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How to apply wood stain

Master the art of woodworking finish work with our comprehensive guide on how to apply wood stain flawlessly. Learn the step-by-step process from wood preparation to selecting the right stain, application techniques, and finishing for that perfect, professional touch!

Building or refinishing a piece of wood furniture is a great project. But, the finish work can have the biggest impact on the finial look!

A well-applied wood stain can enhance the natural beauty of the wood, adding depth and character to your projects.

In this guide, we’ll walk you through the step-by-step process of how to apply stain to wood for a flawless finish.

how to apply wood stain

How to Prepare Wood for Wood Stain

It is essential to properly prepare your wood surface before sealing and staining the wood. Otherwise, the color might not adhere, or you could have blotchy or uneven results.

wood filler in a container

First, assess your project for any holes or damaged areas. This is less so in a new build, but important if you are refurbishing an older piece of furniture. Use wood filler to fill any holes, and sand it smooth. Here are our favorite wood fillers for staining!

generic sanding footage

Begin by sanding the wood surface with progressively finer grit sandpaper (starting from 120 grit up to 220 grit) to achieve a smooth finish and open the wood pores for better stain absorption.

Remove any dust and debris by wiping it down thoroughly using a tack cloth or a damp cloth. Make sure the wood is completely clean and dry before moving on to applying the stain.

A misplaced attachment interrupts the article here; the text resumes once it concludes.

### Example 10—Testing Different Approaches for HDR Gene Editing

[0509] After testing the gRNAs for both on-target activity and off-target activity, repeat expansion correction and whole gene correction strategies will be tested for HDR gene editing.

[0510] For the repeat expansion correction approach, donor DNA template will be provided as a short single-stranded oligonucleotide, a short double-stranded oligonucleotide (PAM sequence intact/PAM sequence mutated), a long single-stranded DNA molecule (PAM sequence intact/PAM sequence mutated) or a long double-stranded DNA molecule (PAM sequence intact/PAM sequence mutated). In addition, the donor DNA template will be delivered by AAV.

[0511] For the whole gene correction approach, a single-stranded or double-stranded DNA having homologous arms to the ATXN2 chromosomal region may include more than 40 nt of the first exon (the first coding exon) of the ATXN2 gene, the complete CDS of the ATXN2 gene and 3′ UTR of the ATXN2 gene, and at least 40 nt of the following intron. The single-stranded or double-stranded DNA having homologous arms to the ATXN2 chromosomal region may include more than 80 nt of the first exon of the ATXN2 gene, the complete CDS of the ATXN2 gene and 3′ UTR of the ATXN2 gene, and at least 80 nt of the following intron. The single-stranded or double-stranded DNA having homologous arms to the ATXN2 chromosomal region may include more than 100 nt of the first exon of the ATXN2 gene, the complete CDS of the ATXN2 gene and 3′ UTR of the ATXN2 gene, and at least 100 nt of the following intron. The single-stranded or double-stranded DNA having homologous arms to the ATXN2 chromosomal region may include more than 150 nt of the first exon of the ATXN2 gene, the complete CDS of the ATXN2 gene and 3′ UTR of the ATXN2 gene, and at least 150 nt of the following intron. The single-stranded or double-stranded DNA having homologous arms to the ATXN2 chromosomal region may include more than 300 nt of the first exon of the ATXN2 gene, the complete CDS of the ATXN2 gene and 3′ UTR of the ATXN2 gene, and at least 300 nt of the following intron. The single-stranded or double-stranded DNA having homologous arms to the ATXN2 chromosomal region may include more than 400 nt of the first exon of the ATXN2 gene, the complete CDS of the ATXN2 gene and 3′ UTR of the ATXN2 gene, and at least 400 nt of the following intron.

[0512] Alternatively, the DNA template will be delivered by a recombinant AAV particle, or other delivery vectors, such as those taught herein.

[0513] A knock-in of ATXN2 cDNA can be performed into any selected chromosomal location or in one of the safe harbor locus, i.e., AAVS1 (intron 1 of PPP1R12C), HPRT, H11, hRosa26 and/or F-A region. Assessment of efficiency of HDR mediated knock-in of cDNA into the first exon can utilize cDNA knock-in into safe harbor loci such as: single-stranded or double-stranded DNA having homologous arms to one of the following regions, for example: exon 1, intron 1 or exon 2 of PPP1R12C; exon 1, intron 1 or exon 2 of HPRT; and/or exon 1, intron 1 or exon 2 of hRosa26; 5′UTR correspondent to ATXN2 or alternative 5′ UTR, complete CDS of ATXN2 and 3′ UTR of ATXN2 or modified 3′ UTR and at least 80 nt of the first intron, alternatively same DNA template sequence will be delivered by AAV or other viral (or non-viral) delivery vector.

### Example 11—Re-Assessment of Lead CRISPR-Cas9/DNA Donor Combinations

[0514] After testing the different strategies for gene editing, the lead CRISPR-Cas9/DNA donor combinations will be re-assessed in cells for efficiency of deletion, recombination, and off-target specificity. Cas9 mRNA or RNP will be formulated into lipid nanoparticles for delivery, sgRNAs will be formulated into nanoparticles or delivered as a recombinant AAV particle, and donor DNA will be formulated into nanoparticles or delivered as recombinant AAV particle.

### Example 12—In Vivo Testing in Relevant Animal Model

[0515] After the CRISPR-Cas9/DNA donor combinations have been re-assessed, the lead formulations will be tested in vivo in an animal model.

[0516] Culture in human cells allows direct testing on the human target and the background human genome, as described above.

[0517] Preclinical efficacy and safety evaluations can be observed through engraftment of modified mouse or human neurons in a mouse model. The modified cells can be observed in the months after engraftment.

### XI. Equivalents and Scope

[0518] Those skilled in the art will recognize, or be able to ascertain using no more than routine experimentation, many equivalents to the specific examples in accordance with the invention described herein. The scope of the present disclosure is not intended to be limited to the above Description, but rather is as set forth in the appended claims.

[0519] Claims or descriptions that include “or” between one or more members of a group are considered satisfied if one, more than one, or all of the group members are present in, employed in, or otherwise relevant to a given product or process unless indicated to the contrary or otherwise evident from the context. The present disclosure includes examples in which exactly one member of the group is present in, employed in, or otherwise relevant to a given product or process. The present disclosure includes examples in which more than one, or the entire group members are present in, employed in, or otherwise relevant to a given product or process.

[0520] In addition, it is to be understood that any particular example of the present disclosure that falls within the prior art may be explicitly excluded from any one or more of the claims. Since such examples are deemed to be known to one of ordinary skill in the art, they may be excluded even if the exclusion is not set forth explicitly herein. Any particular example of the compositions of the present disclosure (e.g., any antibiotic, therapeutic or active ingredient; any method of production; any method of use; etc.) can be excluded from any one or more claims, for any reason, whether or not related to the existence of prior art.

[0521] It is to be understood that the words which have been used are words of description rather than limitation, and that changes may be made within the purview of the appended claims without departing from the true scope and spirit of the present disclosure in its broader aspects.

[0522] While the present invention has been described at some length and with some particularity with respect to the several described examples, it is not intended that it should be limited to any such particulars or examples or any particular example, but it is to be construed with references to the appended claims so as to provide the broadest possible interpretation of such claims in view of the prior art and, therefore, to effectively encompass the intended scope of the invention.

Staining wood furniture vs. staining wood boards

We often get the question of if you should stain wood before or after building a project and if there are differences between staining boards vs staining wood furniture.

While it seems like it would be easier to stain flat boards and then assemble, we usually do not recommend this. This is because wood projects usually need to be glued and sanded after being assembled for a flush, finished look. Both of these thing would mess up an existing stain.

Staining a Table - Charleston Crafted

If your build is very intricate, you might want to consider using a paint sprayer to easily get into the grooves or cracks. Otherwise, just wait until it is assembled to stain and seal it!

How to Pick the Right Wood Stain

Another important step before actually staining your wood project is to pick the best stain for your wood. This means picking the right kind of stain and the right color of stain.

Oil-Based Stain vs. Water-Based Stain

Picking the right type of stain can be overwhelming and confusing. Your choices are oil based stain or water based stain. Let’s break down the differences!

Oil-Based Stains: Provide rich, deep color and excellent penetration into the wood. They take longer to dry but offer a durable finish.
Water-Based Stains: Dry faster, have less odor, and are easier to clean up. They may not penetrate as deeply but offer vibrant color options and are more environmentally friendly, due to a lower level of volatile organic compounds (VOCs) compared to oil-based stains.

We generally work with water-based stains just because they are less stinky, easy to clean up, and dry very quickly.

the best wood stains for pine

How to pick the right color stain for your project

To pick the right color wood stain for your project, first you are going to want to narrow it down to an aesthetic you are going for. For example, do you want dark brown, light gray, or a natural light wood color? Once you decide on an overall vibe, you might want to pick 2-3 stain samples to test on scrap pieces of wood.

Remember – the same stain color can look very different on different species of wood. The underlying color of the raw wood and the properties of the wood (such as how absorbent it is) make a huge difference int he final look.

8 gray wood stains on oak